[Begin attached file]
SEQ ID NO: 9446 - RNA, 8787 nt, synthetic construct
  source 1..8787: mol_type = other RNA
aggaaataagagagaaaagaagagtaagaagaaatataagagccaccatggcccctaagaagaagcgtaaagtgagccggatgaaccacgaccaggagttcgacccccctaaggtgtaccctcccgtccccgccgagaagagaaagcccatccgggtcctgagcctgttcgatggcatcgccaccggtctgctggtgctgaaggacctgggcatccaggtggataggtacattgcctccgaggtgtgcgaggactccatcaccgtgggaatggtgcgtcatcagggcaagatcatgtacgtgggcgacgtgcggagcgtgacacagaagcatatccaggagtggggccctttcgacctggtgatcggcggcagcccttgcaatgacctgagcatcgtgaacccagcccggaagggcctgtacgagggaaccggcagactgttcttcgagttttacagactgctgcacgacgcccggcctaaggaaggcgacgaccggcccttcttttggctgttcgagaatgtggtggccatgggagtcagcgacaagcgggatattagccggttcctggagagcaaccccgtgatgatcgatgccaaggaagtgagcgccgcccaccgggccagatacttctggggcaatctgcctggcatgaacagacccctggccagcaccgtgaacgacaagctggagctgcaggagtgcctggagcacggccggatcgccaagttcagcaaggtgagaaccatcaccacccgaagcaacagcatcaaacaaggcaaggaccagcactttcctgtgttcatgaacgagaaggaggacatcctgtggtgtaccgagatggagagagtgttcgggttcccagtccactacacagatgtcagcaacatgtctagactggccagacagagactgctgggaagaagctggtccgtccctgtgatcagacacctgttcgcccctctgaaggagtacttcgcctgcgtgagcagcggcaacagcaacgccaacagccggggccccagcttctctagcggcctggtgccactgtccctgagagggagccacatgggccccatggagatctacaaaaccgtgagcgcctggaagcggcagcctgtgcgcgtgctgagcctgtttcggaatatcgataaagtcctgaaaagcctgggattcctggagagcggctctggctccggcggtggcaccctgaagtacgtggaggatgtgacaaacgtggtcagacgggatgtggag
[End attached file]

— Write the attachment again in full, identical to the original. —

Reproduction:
SEQ ID NO: 9446 - RNA, 8787 nt, synthetic construct
  source 1..8787: mol_type = other RNA
aggaaataagagagaaaagaagagtaagaagaaatataagagccaccatggcccctaagaagaagcgtaaagtgagccggatgaaccacgaccaggagttcgacccccctaaggtgtaccctcccgtccccgccgagaagagaaagcccatccgggtcctgagcctgttcgatggcatcgccaccggtctgctggtgctgaaggacctgggcatccaggtggataggtacattgcctccgaggtgtgcgaggactccatcaccgtgggaatggtgcgtcatcagggcaagatcatgtacgtgggcgacgtgcggagcgtgacacagaagcatatccaggagtggggccctttcgacctggtgatcggcggcagcccttgcaatgacctgagcatcgtgaacccagcccggaagggcctgtacgagggaaccggcagactgttcttcgagttttacagactgctgcacgacgcccggcctaaggaaggcgacgaccggcccttcttttggctgttcgagaatgtggtggccatgggagtcagcgacaagcgggatattagccggttcctggagagcaaccccgtgatgatcgatgccaaggaagtgagcgccgcccaccgggccagatacttctggggcaatctgcctggcatgaacagacccctggccagcaccgtgaacgacaagctggagctgcaggagtgcctggagcacggccggatcgccaagttcagcaaggtgagaaccatcaccacccgaagcaacagcatcaaacaaggcaaggaccagcactttcctgtgttcatgaacgagaaggaggacatcctgtggtgtaccgagatggagagagtgttcgggttcccagtccactacacagatgtcagcaacatgtctagactggccagacagagactgctgggaagaagctggtccgtccctgtgatcagacacctgttcgcccctctgaaggagtacttcgcctgcgtgagcagcggcaacagcaacgccaacagccggggccccagcttctctagcggcctggtgccactgtccctgagagggagccacatgggccccatggagatctacaaaaccgtgagcgcctggaagcggcagcctgtgcgcgtgctgagcctgtttcggaatatcgataaagtcctgaaaagcctgggattcctggagagcggctctggctccggcggtggcaccctgaagtacgtggaggatgtgacaaacgtggtcagacgggatgtggag